State Air Board Holds Firm: AB 32 Auction Will Take Place in November as Planned and Designed.

by Susan Frank, Director, California Business Alliance for a Green Economy

On Thursday, September 20, the California Air Resources Board (CARB) held its monthly meeting where the Board heard an update on implementation of the state’s landmark climate and clean energy law, AB 32. Hundreds of supporters and opponents filled the auditorium, some hoping for action by the Board to slow down the AB 32 process and others, including the California Business Alliance for a Green Economy, urging CARB to stay the course.

Despite a successful recent test run of the online exchange for carbon allowances and an impending January 1, 2013, launch for California’s cap and trade program, CARB continues to face pressure from oil companies and other regulated entities attacking the auction component of AB 32. Arguing that all of the carbon allowances should be given away for free, groups such as the Western States Petroleum Association (WSPA) and the California Manufacturers and Technology Association (CMTA) maintain the standard rhetoric that jobs will be lost, businesses will leave California, and the economy will shrink. Discrediting this economic “burden” argument is the fact that only 10 percent of the allowances will actually be auctioned off in the first auction, while the other 90 percent will be distributed for free.

“The fact is that outside the electric utilities, who are subject to a different regulation, no business has to participate in the auction,” reiterated CARB Chairman Mary Nichols in her opening statement at the Board hearing. Further highlighting CARB’s genuine concern for businesses and the economy, Nichols noted that, “over the past five years ARB has met with members of the industrial sector hundreds of times, and developed, with them, an approach where we provided 90 percent of the allowances for the first years to help with the transition.”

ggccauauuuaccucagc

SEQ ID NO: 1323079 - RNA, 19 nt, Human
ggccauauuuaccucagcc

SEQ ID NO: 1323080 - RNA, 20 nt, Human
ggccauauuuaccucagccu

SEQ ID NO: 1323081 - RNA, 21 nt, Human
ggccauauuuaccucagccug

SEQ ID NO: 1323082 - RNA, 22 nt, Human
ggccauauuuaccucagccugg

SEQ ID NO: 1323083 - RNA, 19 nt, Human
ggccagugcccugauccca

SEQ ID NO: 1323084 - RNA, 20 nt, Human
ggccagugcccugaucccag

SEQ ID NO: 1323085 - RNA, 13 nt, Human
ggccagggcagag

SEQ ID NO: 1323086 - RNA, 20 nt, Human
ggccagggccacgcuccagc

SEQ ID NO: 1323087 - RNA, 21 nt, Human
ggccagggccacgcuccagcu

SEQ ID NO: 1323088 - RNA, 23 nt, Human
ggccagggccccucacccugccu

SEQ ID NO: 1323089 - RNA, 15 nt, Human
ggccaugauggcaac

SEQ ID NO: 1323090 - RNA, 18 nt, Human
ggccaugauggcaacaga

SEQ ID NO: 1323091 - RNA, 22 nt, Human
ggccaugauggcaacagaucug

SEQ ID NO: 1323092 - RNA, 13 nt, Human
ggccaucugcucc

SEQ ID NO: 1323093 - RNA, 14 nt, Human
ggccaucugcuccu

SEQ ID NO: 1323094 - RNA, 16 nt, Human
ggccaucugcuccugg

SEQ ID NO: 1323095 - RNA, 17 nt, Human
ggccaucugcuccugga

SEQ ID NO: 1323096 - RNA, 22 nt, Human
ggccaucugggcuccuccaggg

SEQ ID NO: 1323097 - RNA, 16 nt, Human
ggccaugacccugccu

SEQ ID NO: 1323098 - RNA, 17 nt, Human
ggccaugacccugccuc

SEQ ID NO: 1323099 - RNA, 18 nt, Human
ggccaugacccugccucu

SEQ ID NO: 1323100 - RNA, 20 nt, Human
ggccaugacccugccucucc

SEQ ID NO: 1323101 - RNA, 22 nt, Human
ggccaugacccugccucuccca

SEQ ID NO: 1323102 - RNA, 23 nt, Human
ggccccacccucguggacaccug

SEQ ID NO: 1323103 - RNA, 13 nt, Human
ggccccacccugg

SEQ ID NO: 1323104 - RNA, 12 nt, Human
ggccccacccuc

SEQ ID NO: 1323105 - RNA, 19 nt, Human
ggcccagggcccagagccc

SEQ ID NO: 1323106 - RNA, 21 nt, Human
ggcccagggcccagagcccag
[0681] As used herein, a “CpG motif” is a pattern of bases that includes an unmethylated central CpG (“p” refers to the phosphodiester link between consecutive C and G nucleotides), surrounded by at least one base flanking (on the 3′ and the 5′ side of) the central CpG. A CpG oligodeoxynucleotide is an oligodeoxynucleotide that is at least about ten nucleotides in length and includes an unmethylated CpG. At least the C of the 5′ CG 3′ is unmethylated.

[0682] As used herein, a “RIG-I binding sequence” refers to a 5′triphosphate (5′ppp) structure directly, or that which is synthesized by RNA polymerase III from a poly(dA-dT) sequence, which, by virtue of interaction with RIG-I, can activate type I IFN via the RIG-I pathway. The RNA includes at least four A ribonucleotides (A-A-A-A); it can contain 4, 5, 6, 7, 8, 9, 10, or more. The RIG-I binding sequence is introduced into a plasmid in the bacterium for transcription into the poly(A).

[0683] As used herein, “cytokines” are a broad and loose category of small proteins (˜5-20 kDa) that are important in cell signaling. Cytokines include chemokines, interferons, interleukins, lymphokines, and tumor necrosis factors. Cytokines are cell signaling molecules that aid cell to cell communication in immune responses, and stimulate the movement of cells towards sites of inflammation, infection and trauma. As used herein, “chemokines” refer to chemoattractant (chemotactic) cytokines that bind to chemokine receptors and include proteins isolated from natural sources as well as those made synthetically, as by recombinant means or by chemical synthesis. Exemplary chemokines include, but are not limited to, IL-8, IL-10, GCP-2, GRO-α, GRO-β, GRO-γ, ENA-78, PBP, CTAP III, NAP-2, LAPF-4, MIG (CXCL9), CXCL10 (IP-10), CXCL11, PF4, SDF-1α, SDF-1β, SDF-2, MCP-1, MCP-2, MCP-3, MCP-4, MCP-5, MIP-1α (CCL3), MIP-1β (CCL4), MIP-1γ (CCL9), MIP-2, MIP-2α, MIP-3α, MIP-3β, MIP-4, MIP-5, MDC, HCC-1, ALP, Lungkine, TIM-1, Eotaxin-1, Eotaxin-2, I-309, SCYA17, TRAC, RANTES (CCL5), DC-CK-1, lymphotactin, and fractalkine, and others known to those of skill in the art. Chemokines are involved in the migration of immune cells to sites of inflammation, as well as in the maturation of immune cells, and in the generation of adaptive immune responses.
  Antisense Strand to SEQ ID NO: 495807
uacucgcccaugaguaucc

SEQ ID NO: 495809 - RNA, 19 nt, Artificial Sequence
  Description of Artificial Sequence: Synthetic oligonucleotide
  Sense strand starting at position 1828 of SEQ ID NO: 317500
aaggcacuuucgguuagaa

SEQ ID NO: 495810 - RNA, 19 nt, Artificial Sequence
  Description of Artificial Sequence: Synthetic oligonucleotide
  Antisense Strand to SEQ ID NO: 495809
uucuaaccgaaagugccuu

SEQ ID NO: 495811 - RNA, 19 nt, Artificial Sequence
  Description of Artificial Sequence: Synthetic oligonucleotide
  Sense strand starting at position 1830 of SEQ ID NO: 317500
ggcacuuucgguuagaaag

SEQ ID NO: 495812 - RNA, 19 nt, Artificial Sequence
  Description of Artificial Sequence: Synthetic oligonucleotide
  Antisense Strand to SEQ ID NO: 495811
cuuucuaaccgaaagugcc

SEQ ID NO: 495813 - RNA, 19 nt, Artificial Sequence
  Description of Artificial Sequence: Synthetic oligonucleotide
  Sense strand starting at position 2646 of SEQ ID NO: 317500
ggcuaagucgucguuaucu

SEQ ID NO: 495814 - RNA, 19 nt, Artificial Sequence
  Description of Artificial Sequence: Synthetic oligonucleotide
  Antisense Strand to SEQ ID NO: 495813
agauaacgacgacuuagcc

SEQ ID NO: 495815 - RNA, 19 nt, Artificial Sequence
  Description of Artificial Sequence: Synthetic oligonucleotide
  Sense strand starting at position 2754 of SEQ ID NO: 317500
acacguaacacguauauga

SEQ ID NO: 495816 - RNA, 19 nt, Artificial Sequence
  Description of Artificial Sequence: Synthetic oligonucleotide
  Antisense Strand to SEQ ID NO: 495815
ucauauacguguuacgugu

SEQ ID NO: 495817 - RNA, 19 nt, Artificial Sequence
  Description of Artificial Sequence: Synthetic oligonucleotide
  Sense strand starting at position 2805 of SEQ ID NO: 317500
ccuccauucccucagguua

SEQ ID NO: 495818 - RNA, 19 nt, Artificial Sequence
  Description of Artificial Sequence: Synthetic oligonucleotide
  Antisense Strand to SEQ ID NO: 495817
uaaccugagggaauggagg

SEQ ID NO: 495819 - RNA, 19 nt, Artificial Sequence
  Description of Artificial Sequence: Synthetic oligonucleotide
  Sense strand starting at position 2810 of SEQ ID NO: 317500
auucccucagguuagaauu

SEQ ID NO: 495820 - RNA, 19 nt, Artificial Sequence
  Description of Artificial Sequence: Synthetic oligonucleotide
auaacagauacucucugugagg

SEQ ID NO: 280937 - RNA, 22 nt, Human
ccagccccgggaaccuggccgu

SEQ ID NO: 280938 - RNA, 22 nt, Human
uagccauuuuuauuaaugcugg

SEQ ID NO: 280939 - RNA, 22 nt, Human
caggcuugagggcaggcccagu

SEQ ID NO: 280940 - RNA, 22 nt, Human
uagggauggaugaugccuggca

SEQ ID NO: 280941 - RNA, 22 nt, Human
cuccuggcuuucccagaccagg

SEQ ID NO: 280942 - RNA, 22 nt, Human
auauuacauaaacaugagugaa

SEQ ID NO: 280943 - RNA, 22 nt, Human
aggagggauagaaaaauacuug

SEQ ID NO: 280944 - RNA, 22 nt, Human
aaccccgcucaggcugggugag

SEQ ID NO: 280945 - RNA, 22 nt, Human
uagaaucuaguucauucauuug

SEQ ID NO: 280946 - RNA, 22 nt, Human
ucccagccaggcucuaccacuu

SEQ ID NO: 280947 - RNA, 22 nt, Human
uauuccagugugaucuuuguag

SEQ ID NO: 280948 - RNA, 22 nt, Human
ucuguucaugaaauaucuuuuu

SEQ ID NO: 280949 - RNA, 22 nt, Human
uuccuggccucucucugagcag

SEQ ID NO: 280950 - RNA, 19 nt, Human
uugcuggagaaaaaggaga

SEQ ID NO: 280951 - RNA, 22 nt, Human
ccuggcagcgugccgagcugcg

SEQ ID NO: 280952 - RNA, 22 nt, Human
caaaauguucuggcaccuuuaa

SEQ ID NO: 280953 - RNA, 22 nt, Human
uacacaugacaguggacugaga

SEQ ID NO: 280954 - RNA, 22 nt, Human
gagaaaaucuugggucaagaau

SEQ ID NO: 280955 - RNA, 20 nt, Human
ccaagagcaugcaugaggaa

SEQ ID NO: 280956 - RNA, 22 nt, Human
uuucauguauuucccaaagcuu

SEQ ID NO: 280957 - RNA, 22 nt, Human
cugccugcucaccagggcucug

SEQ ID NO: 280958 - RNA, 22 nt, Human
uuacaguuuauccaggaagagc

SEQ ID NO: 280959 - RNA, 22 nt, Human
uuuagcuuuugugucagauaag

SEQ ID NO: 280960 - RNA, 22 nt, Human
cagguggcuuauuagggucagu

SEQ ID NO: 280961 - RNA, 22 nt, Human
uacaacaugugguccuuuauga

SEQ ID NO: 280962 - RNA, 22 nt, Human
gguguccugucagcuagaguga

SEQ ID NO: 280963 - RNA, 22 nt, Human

Remember that AB 32 handily survived a 2010 ballot measure, which challenged the law’s existence. Despite that, the regulated opposition continues to try to delay, derail and ask for more, knowing that any change in the allowance percentage would send CARB back to the drawing board, thus delaying the auction. Fortunately, the Board is holding firm and the cap and trade auction is on track for November.

So how does an auction work? Think of it like an initial public offering (IPO) of a company. In this case the citizens of California are the private owners of a business (carbon), CARB is the underwriter of the IPO (carbon allowances), and the polluting entities are the initial buyers of this stock. These entities can hold on to their shares (carbon allowances) for future use, or pollute less than their allotted allowances and sell the remainder on the stock exchange (newly created carbon exchange).

In a joint letter this past August to Governor Brown signed by over 55 state and national economists and economic experts, the case for an auction is made clear:
“In theory, it does not matter to the environmental integrity of the program whether allowances are auctioned or given away for free. In reality though, once real-world conditions are introduced, the difference matters. These conditions include transactional costs, unfair market power, uncertainty, and other industry market behaviors that can introduce inefficiencies into perfectly functioning markets.”

An unfortunate fact is that businesses receiving free allowances will often find a way to pass the allowances’ market value on to the consumer as a cost, despite the fact they received them for free. This happened with the European Union’s wholesale electricity market, which subsequently had to be changed to an auction system. On the surface, the business argument that an auction is too much of a financial burden may seem to ring true, but digging a little deeper shows the economic fiction behind this argument.

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